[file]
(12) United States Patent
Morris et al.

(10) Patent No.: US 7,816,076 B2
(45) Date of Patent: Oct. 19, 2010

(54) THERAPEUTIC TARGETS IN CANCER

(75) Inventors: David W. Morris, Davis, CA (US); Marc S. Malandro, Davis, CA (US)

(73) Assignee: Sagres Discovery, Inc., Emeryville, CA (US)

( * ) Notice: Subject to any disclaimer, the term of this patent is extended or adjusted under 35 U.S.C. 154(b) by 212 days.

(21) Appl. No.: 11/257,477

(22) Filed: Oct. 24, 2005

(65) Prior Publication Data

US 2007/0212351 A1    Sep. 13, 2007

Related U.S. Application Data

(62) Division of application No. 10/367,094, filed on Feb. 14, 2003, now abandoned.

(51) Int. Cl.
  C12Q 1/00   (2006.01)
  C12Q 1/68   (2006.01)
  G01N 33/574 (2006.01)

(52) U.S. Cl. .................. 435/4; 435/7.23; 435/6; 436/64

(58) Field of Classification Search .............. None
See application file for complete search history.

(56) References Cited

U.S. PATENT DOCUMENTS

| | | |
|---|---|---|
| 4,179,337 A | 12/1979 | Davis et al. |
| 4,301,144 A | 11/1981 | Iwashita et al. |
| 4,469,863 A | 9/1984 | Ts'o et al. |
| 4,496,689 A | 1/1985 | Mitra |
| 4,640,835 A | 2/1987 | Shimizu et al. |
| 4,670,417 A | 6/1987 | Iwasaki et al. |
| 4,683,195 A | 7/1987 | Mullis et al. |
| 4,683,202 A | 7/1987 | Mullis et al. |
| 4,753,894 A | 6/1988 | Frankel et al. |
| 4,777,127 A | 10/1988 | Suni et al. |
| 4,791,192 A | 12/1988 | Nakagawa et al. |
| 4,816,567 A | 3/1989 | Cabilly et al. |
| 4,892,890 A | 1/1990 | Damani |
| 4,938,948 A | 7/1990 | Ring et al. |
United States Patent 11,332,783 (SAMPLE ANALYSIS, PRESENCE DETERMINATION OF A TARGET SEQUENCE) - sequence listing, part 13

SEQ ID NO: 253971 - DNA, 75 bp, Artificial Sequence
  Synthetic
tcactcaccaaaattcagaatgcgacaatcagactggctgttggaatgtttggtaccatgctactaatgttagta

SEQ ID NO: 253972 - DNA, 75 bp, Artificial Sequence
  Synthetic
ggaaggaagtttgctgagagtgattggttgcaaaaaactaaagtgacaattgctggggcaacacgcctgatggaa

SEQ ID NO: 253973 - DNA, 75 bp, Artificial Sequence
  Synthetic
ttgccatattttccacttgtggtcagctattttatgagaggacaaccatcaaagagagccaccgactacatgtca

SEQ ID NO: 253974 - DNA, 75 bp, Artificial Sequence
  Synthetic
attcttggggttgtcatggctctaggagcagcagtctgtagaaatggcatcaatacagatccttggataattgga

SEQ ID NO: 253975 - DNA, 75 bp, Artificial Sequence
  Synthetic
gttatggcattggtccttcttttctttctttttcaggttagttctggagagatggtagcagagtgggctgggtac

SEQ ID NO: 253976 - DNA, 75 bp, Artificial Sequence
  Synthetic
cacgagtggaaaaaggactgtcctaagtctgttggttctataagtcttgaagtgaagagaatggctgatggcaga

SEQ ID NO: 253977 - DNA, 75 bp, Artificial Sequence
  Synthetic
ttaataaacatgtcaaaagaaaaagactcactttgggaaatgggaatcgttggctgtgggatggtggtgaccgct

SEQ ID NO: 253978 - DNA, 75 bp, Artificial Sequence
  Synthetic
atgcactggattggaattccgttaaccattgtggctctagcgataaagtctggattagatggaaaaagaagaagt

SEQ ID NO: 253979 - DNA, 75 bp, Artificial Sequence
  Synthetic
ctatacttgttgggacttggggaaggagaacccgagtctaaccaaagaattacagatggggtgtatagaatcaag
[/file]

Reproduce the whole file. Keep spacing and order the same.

(12) United States Patent
Morris et al.

(10) Patent No.: US 7,816,076 B2
(45) Date of Patent: Oct. 19, 2010

(54) THERAPEUTIC TARGETS IN CANCER

(75) Inventors: David W. Morris, Davis, CA (US); Marc S. Malandro, Davis, CA (US)

(73) Assignee: Sagres Discovery, Inc., Emeryville, CA (US)

( * ) Notice: Subject to any disclaimer, the term of this patent is extended or adjusted under 35 U.S.C. 154(b) by 212 days.

(21) Appl. No.: 11/257,477

(22) Filed: Oct. 24, 2005

(65) Prior Publication Data

US 2007/0212351 A1    Sep. 13, 2007

Related U.S. Application Data

(62) Division of application No. 10/367,094, filed on Feb. 14, 2003, now abandoned.

(51) Int. Cl.
  C12Q 1/00   (2006.01)
  C12Q 1/68   (2006.01)
  G01N 33/574 (2006.01)

(52) U.S. Cl. .................. 435/4; 435/7.23; 435/6; 436/64

(58) Field of Classification Search .............. None
See application file for complete search history.

(56) References Cited

U.S. PATENT DOCUMENTS

| | | |
|---|---|---|
| 4,179,337 A | 12/1979 | Davis et al. |
| 4,301,144 A | 11/1981 | Iwashita et al. |
| 4,469,863 A | 9/1984 | Ts'o et al. |
| 4,496,689 A | 1/1985 | Mitra |
| 4,640,835 A | 2/1987 | Shimizu et al. |
| 4,670,417 A | 6/1987 | Iwasaki et al. |
| 4,683,195 A | 7/1987 | Mullis et al. |
| 4,683,202 A | 7/1987 | Mullis et al. |
| 4,753,894 A | 6/1988 | Frankel et al. |
| 4,777,127 A | 10/1988 | Suni et al. |
| 4,791,192 A | 12/1988 | Nakagawa et al. |
| 4,816,567 A | 3/1989 | Cabilly et al. |
| 4,892,890 A | 1/1990 | Damani |
| 4,938,948 A | 7/1990 | Ring et al. |
United States Patent 11,332,783 (SAMPLE ANALYSIS, PRESENCE DETERMINATION OF A TARGET SEQUENCE) - sequence listing, part 13

SEQ ID NO: 253971 - DNA, 75 bp, Artificial Sequence
  Synthetic
tcactcaccaaaattcagaatgcgacaatcagactggctgttggaatgtttggtaccatgctactaatgttagta

SEQ ID NO: 253972 - DNA, 75 bp, Artificial Sequence
  Synthetic
ggaaggaagtttgctgagagtgattggttgcaaaaaactaaagtgacaattgctggggcaacacgcctgatggaa

SEQ ID NO: 253973 - DNA, 75 bp, Artificial Sequence
  Synthetic
ttgccatattttccacttgtggtcagctattttatgagaggacaaccatcaaagagagccaccgactacatgtca

SEQ ID NO: 253974 - DNA, 75 bp, Artificial Sequence
  Synthetic
attcttggggttgtcatggctctaggagcagcagtctgtagaaatggcatcaatacagatccttggataattgga

SEQ ID NO: 253975 - DNA, 75 bp, Artificial Sequence
  Synthetic
gttatggcattggtccttcttttctttctttttcaggttagttctggagagatggtagcagagtgggctgggtac

SEQ ID NO: 253976 - DNA, 75 bp, Artificial Sequence
  Synthetic
cacgagtggaaaaaggactgtcctaagtctgttggttctataagtcttgaagtgaagagaatggctgatggcaga

SEQ ID NO: 253977 - DNA, 75 bp, Artificial Sequence
  Synthetic
ttaataaacatgtcaaaagaaaaagactcactttgggaaatgggaatcgttggctgtgggatggtggtgaccgct

SEQ ID NO: 253978 - DNA, 75 bp, Artificial Sequence
  Synthetic
atgcactggattggaattccgttaaccattgtggctctagcgataaagtctggattagatggaaaaagaagaagt

SEQ ID NO: 253979 - DNA, 75 bp, Artificial Sequence
  Synthetic
ctatacttgttgggacttggggaaggagaacccgagtctaaccaaagaattacagatggggtgtatagaatcaag